Lower East Side Printshop is pleased to present three new prints by the renowned artist Dread Scott, created in 2022 through the Printshop’s invitational Publishing Residency Program.
Dread Scott “makes revolutionary art to propel history forward.” Although his primary focus throughout his career has been on the experience of African Americans in the United States, the three symbols he explores here undoubtedly touch us all—architectural and visual projections of the three branches of American government and power. Scott remains sincere in his desire for a better society for all of us. He is fiercely critical, with a mordant sense of humor, while encouraging the viewer to re-examine the ideals of American society.
For this series of large scale screenprints, Scott has selected photographs of three symbols of American power and “obliterated” them with hand additions. For the first time in his impressively diverse practice, he puts painting and drawing front and center. His vigorous and gestural drawing was translated into layers of subtly colored screenprints, printed over the archival inkjet photo background.
Although Scott has had the idea for quite a while, and the work on the series started in early 2022, the current events make the images particularly germane today.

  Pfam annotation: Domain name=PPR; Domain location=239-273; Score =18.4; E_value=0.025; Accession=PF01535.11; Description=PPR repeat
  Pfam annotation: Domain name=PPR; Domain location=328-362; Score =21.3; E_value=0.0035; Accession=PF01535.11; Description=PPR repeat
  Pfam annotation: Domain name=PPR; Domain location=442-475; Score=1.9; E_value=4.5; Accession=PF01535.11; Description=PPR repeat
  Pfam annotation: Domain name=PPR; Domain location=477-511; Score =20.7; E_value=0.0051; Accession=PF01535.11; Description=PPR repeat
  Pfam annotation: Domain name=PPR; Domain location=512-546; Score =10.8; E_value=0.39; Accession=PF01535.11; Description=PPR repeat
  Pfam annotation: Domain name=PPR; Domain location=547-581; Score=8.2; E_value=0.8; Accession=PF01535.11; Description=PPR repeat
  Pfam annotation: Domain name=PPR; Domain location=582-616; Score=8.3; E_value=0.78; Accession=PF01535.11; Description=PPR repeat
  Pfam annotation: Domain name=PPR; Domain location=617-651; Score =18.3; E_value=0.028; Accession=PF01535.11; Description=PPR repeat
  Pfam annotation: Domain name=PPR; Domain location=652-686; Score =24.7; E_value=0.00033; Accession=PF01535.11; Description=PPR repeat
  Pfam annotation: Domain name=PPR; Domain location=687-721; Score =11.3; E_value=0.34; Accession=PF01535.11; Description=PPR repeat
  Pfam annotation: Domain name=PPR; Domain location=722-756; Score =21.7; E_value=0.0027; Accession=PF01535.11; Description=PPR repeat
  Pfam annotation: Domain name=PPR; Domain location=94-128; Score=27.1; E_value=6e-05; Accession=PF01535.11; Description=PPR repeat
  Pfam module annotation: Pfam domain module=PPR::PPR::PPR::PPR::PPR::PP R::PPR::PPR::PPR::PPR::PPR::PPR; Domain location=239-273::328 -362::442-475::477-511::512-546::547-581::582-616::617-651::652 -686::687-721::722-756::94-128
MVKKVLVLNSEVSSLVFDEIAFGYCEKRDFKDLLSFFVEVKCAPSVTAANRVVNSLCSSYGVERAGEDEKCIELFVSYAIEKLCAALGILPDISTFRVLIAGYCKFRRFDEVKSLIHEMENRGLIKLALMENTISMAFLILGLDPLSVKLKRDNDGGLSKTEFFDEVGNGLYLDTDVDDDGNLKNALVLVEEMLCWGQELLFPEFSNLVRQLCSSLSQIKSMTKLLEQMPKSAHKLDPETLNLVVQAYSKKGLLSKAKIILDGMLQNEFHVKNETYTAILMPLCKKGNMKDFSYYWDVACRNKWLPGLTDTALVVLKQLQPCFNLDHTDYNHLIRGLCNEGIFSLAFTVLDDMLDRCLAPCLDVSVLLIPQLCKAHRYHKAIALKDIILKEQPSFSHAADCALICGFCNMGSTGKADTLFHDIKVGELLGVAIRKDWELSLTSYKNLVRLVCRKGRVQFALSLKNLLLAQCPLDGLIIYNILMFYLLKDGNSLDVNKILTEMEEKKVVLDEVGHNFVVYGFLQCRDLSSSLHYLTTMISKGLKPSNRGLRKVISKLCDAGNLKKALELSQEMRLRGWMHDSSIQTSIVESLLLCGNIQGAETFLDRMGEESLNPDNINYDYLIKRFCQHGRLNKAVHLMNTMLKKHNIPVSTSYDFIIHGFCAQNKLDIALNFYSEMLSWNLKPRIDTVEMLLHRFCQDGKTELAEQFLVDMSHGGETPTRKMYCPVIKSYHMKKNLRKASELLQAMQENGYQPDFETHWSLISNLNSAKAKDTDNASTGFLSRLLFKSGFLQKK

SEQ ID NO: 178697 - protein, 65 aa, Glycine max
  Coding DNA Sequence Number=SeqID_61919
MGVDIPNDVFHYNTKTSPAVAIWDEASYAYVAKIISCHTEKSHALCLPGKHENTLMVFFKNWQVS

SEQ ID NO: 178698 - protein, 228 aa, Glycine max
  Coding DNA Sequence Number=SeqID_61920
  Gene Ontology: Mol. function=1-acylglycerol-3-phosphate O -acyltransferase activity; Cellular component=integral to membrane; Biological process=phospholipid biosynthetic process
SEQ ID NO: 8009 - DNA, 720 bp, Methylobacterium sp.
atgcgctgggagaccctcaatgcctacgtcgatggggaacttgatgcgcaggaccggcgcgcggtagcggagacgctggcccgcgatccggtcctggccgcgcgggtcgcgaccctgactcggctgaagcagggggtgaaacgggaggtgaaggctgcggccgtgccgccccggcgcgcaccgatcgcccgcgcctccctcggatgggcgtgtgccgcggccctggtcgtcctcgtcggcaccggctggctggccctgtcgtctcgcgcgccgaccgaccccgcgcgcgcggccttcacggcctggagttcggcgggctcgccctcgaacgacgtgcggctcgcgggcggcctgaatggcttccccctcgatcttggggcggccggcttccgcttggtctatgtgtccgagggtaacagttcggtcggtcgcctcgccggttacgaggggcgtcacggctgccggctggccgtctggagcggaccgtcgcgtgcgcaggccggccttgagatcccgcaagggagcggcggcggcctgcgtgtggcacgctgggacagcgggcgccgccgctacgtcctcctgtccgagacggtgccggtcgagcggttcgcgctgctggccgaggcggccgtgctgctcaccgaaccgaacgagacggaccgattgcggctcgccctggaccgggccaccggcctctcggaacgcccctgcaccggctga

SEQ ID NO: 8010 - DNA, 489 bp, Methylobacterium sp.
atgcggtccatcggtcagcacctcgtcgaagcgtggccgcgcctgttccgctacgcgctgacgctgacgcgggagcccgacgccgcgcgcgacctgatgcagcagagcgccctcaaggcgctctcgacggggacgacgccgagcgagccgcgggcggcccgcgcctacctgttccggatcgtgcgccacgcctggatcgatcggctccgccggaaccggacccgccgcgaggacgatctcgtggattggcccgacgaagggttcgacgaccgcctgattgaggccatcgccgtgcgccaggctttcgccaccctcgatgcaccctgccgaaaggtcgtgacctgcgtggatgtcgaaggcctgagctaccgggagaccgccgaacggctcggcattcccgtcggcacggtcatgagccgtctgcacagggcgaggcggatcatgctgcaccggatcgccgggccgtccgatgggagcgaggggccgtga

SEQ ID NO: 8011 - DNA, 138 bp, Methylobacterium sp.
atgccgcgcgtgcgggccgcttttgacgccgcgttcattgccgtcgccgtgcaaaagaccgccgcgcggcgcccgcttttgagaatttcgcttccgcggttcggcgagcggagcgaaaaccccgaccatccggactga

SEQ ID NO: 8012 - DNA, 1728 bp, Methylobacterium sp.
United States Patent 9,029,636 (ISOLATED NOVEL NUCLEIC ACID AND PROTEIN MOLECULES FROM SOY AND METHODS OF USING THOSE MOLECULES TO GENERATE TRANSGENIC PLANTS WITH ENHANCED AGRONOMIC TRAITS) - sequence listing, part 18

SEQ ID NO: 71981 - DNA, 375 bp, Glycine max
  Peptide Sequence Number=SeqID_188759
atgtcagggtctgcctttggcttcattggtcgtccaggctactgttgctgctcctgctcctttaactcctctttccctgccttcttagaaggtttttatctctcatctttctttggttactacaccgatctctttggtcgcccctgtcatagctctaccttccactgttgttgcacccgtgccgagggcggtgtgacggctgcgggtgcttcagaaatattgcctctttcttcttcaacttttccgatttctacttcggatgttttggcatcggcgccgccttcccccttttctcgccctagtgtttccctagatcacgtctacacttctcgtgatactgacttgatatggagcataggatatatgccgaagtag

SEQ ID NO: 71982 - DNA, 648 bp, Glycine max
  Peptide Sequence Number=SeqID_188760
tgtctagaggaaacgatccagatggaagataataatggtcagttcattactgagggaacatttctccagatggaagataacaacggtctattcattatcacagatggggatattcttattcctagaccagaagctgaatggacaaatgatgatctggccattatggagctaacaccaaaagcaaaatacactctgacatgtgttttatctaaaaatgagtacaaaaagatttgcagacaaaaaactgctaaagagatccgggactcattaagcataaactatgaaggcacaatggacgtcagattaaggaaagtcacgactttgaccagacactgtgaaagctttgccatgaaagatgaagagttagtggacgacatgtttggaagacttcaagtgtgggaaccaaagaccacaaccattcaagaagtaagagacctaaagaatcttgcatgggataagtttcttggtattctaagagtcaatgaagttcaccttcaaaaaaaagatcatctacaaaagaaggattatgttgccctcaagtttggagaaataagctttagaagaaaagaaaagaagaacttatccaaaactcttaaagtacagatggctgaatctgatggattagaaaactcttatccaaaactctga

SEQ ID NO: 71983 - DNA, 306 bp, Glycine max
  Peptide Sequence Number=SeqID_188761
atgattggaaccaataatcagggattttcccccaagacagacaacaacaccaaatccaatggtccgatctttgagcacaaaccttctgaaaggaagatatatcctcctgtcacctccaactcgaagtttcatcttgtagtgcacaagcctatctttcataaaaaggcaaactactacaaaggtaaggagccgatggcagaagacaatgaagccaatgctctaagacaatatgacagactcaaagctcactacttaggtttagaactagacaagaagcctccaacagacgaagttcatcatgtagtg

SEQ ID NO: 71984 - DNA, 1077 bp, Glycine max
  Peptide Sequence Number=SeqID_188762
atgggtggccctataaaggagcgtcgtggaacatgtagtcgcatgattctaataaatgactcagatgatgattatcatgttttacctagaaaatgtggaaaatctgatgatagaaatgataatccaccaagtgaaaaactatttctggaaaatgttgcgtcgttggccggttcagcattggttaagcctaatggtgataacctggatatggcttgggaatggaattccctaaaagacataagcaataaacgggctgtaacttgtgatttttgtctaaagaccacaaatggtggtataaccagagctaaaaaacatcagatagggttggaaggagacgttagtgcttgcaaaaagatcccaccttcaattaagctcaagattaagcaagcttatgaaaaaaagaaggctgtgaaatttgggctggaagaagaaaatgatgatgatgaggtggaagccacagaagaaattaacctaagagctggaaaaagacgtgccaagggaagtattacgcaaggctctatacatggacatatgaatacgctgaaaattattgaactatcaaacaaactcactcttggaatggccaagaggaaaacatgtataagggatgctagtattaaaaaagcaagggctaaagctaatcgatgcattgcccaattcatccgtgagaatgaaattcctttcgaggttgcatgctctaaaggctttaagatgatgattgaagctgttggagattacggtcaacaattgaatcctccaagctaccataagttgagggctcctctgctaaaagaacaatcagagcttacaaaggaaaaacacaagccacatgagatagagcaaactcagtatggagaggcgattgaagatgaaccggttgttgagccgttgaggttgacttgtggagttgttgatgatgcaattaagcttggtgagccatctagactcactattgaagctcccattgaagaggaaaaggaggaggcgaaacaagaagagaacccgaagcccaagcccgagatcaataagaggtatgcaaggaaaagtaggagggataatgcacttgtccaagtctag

Dread Scott (b. 1965, Chicago, IL) studied at the School of the Art Institute of Chicago, and The Whitney Museum of American Art, Independent Study Program. He gained notoriety in 1989 when, as a student, he exhibited a participatory installation titled What Is the Proper Way to Display a U. S. Flag. He was subject of numerous articles and interviews, including the condemnation by then president George H. W. Bush. His work spans photography, performance, installation, prints and video. Scott is the recipient of Guggenheim Fellowship, a United States Artists Equality Fellowship, a Creative Capital Foundation grant, as well as numerous residencies and honors. His Fellowship, Open Society Soros art has been exhibited at MoMA/PS1, The Walker Art Center, CAM St. Louis, Kunsthal KAdE (Amersfoort, Netherlands), and Cristin Tierney Gallery in New York. It is included in the collections of the Whitney Museum of American Art, Brooklyn Museum, Auckland Art Museum and Worcester Art Museum, and has been featured on the covers of Artforum and The Brooklyn Rail, and on the front page of NYTimes.com. In 2019 he presented Slave Rebellion Reenactment, a community engaged project that reenacted the largest rebellion of enslaved people in US history. The project was featured in Vanity Fair, The New York Times, by Christiane Amanpour on CNN, and highlighted by artnet.com as one of the most important artworks of the decade.